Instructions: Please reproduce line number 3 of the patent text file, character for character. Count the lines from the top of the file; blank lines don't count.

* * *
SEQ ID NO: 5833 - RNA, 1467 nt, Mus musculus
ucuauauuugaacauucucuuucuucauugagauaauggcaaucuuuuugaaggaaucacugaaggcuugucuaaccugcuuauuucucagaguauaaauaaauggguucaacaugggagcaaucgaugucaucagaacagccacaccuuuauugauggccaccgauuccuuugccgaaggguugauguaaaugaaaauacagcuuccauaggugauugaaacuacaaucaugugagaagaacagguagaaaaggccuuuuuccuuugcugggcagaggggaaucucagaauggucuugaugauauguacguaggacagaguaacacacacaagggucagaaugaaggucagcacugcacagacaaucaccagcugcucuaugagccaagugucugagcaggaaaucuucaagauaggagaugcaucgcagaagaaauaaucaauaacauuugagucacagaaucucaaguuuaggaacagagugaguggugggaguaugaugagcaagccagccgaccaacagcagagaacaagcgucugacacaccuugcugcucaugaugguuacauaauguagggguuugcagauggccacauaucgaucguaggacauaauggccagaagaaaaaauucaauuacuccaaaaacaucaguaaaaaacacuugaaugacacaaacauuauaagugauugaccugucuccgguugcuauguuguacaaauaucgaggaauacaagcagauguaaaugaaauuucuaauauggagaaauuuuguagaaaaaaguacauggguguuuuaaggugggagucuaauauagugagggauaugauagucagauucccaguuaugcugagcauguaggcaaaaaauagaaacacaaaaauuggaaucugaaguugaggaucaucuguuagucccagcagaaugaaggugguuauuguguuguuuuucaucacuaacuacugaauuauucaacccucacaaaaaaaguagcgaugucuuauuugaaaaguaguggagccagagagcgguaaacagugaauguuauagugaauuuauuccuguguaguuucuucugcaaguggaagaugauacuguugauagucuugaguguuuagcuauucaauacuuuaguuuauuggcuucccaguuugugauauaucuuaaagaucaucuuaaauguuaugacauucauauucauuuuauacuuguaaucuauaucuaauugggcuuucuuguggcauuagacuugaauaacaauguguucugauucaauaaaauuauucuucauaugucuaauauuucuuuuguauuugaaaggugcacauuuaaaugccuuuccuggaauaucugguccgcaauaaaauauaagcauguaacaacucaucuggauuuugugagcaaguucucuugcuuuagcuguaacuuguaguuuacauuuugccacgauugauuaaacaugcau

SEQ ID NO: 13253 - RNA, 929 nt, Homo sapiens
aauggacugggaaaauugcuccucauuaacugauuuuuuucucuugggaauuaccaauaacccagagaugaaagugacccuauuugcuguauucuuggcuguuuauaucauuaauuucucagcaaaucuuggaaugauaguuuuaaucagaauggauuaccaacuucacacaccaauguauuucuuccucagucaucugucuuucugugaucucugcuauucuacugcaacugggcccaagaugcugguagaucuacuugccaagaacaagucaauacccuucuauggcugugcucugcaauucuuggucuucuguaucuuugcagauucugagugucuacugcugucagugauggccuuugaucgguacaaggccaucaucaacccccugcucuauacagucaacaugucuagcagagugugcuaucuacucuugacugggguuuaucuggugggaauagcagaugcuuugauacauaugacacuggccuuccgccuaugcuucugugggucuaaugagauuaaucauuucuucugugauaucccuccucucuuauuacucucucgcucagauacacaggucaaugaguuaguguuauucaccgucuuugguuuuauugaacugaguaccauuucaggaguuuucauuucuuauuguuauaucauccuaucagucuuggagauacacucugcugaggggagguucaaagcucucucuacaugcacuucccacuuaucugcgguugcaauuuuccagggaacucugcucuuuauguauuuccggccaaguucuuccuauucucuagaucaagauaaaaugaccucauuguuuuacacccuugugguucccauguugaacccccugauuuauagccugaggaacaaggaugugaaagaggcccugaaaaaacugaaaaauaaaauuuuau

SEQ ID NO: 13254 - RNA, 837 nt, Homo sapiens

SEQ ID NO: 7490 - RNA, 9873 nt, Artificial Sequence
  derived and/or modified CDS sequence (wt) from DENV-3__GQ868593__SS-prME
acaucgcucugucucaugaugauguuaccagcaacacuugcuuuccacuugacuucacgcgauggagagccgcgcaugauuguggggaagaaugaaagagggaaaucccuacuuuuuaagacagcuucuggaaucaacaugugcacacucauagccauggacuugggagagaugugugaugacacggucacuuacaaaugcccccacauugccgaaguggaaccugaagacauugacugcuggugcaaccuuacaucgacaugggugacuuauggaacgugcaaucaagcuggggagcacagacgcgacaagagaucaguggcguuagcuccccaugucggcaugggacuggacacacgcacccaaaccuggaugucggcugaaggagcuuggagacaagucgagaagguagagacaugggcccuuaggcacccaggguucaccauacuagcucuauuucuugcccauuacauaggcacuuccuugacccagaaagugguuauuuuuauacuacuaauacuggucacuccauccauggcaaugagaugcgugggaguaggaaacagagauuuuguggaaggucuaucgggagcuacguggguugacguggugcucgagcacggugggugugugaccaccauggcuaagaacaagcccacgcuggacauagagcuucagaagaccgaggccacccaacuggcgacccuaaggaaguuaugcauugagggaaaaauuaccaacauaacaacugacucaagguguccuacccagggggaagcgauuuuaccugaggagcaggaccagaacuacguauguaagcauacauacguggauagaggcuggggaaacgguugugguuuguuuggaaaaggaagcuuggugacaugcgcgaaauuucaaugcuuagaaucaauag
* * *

SEQ ID NO: 13253 - RNA, 929 nt, Homo sapiens